Pedosphere 31(4): 538--548, 2021
ISSN 1002-0160/CN 32-1315/P
©2021 Soil Science Society of China
Published by Elsevier B.V. and Science Press
Effect of long-term fertilization on bacterial communities in wheat endosphere
Yuying MA1,2, Pamela WEISENHORN3, Xisheng GUO4, Daozhong WANG4, Teng YANG2, Yu SHI2, Huanchao ZHANG1, Haiyan CHU2,5
1Co-Innovation Center for the Sustainable Forestry in Southern China, College of Forestry, Nanjing Forestry University, Nanjing 210037 (China)
2State Key Laboratory of Soil and Sustainable Agriculture, Institute of Soil Science, Chinese Academy of Sciences, Nanjing 210008 (China)
3Biosciences Division, Argonne National Laboratory, Argonne, IL 60439 (USA)
4Key Laboratory of Nutrient Cycling and Resources Environment of Anhui Province, Soil and Fertilizer Research Institute, Anhui Academy of Agricultural Sciences, Hefei 230031 (China)
5University of Chinese Academy of Sciences, Beijing 100049 (China)
      Fertilization has been shown to exert a significant influence on soil microorganisms and directly and indirectly influences plant growth and survival in agroecosystems. However, it is unknown whether fertilization affects endophytic microbial communities, which are ubiquitous and intimately associated with plant growth and health. Herein, we investigated endophytic bacterial communities in wheat leaves and roots under different long-term fertilization regimes, including NPK chemical fertilizer and NPK chemical fertilizer combined with wheat straw, pig manure, or cow manure. Endophytic bacterial community composition considerably differed in leaves and roots. Although different fertilization treatments did not affect the endophytic bacterial species richness or phylogenetic diversity in either leaves or roots, the community composition was significantly altered, particularly in roots. The endophytic bacterial co-occurrence network in leaves was more complex and stable than that in roots. Furthermore, many of the keystone species that were identified by their topological positions in the co-occurrence networks of leaves and roots were involved in plant growth and fitness. The total relative abundance of keystone species was the highest in the NPK plus cow manure treatment in both leaves and roots. Overall, our results suggest that different fertilization regimes can strongly affect endophytic bacterial communities, and the combination of NPK fertilizer and cow manure promoted the relative abundance of the key endophytic bacterial microbiota in both leaves and roots, which might be beneficial for plants in agroecosystems.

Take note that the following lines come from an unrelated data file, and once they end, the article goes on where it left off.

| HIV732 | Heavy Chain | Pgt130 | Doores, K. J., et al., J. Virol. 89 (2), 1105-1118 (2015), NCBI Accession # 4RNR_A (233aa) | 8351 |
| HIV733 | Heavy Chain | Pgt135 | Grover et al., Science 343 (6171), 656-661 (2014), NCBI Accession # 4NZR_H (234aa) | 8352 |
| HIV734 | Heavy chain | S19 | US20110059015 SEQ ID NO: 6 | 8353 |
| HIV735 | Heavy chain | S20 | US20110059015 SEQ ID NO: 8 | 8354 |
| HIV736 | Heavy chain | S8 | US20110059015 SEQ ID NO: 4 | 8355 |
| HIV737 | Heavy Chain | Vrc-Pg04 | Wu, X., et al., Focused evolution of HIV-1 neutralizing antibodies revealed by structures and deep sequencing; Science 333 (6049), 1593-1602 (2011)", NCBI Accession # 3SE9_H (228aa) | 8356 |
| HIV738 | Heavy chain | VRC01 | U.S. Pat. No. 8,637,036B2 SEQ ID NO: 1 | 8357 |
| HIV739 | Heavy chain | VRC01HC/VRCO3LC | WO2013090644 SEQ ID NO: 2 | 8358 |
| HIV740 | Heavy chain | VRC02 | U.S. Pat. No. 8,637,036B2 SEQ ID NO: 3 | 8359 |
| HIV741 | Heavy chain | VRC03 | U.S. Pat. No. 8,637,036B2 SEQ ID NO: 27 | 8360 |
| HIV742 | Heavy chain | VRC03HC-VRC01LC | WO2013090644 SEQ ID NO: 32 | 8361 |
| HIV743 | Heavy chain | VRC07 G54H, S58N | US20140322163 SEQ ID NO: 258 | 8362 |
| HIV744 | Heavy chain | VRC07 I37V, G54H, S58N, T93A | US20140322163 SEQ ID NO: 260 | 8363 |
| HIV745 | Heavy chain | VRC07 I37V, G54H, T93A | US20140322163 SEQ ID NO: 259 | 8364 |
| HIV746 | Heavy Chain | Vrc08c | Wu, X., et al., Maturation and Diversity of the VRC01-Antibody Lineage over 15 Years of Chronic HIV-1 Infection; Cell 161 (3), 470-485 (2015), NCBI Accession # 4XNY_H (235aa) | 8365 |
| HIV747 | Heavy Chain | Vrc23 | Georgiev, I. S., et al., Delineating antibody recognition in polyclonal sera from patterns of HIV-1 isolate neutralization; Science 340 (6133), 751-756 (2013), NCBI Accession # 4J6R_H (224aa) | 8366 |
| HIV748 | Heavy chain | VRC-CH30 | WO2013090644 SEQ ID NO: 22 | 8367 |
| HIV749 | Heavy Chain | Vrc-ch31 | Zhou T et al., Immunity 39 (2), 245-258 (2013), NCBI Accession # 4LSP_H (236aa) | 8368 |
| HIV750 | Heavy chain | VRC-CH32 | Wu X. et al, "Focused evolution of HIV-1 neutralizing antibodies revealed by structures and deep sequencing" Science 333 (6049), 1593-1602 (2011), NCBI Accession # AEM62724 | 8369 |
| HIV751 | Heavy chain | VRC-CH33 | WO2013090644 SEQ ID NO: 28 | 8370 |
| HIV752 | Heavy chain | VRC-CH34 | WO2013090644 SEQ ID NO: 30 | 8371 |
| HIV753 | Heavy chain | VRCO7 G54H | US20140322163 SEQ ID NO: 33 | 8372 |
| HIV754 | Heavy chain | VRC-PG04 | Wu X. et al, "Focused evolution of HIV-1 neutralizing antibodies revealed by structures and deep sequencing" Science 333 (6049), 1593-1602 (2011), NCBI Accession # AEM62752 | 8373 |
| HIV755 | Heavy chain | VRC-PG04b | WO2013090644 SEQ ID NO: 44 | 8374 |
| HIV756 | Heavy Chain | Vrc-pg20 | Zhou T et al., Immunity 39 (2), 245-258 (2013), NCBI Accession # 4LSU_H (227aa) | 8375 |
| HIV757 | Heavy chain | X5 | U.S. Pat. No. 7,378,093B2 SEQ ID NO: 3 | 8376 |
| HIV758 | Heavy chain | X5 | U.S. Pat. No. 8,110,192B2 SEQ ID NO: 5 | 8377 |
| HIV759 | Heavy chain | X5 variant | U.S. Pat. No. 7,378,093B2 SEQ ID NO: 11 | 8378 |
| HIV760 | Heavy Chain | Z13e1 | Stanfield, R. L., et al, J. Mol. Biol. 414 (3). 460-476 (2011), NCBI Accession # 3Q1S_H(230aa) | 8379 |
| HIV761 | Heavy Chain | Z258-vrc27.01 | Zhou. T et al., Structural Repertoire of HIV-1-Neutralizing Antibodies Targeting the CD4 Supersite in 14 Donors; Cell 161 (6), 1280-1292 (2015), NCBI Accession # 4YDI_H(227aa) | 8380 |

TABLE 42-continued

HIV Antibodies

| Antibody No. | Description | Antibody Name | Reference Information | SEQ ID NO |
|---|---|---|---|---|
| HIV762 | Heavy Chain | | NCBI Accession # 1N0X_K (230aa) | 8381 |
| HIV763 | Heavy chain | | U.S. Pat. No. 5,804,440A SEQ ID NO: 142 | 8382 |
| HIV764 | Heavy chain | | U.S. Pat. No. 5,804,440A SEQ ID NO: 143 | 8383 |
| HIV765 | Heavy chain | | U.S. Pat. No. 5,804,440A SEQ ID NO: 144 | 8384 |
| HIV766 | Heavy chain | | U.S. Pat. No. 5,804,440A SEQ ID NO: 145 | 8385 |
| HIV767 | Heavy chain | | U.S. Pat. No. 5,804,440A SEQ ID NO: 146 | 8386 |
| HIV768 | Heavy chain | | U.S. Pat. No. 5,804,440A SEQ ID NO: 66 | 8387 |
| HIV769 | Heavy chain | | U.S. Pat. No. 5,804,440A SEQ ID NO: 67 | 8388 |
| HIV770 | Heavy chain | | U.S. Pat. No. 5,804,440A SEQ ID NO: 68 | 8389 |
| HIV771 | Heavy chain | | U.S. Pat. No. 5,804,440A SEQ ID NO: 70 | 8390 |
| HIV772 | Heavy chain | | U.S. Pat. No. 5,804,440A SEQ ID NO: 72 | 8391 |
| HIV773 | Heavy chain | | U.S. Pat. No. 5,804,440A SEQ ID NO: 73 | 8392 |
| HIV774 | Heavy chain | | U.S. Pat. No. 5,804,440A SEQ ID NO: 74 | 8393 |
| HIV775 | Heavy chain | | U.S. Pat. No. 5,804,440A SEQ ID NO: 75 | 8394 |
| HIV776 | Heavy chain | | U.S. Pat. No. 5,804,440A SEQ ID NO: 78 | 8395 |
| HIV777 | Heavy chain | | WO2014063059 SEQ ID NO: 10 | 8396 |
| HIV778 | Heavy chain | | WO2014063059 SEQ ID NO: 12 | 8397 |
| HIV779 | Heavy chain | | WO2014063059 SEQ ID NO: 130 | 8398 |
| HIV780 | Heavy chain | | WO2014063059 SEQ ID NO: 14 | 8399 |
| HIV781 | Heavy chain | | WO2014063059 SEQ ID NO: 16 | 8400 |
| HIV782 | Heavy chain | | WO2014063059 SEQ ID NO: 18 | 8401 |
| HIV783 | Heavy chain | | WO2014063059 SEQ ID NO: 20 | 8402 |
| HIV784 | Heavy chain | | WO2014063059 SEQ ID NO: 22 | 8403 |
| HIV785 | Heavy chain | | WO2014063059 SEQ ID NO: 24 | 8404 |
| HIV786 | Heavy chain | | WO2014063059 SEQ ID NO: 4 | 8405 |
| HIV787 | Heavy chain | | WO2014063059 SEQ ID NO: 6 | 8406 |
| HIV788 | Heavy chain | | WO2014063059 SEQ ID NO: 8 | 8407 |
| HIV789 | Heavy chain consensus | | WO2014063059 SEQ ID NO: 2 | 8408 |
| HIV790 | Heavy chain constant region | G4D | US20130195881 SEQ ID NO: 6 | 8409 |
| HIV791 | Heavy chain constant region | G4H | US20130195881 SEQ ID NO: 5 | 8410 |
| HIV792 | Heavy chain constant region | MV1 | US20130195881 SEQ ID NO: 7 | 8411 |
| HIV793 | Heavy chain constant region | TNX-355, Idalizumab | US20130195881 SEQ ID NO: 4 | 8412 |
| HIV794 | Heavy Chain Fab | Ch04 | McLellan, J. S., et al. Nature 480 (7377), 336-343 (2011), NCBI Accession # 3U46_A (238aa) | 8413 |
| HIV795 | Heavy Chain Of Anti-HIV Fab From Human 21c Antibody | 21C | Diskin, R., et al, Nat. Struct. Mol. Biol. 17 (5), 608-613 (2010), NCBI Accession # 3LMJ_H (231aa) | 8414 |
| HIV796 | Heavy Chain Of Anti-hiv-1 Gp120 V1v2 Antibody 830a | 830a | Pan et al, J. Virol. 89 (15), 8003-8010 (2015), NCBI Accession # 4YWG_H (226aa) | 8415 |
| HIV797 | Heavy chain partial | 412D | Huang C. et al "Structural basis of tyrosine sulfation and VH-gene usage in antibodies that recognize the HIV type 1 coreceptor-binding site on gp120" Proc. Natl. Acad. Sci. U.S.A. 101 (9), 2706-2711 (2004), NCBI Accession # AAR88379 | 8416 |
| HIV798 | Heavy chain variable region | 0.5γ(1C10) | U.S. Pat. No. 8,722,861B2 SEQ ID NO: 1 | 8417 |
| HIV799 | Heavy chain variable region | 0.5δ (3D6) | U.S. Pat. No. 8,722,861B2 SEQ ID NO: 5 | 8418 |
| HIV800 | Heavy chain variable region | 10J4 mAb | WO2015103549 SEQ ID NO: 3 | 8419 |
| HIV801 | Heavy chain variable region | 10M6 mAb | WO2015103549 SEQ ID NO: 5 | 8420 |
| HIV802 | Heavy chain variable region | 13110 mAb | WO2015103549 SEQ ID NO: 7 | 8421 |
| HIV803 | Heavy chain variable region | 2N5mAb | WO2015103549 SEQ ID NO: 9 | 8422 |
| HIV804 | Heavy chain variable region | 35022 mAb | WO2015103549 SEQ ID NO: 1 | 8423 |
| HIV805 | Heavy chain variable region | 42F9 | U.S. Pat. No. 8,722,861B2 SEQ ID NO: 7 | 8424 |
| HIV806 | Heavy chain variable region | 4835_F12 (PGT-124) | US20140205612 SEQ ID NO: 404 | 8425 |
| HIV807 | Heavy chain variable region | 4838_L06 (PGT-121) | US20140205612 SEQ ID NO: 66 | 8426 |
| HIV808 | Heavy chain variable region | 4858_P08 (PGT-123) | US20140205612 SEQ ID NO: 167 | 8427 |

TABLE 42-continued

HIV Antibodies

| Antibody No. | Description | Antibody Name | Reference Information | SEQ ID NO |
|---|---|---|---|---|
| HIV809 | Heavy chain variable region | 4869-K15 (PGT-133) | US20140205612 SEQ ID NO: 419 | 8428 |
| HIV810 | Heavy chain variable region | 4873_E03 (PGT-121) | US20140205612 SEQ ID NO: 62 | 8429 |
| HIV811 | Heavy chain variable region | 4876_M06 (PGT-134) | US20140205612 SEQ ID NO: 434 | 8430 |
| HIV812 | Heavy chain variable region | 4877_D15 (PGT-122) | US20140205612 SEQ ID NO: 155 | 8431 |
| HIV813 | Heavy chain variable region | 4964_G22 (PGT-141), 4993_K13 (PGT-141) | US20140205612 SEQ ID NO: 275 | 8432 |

Key Words:  co-occurrence network,endophytic bacterial community,key microbiota,long-term fertilization,organic matter
Citation: Ma Y Y, Weisenhorn P, Guo X S, Wang D Z, Yang T, Shi Y, Zhang H C, Chu H Y. 2021. Effect of long-term fertilization on bacterial communities in wheat endosphere. Pedosphere. 31(4): 538-548.
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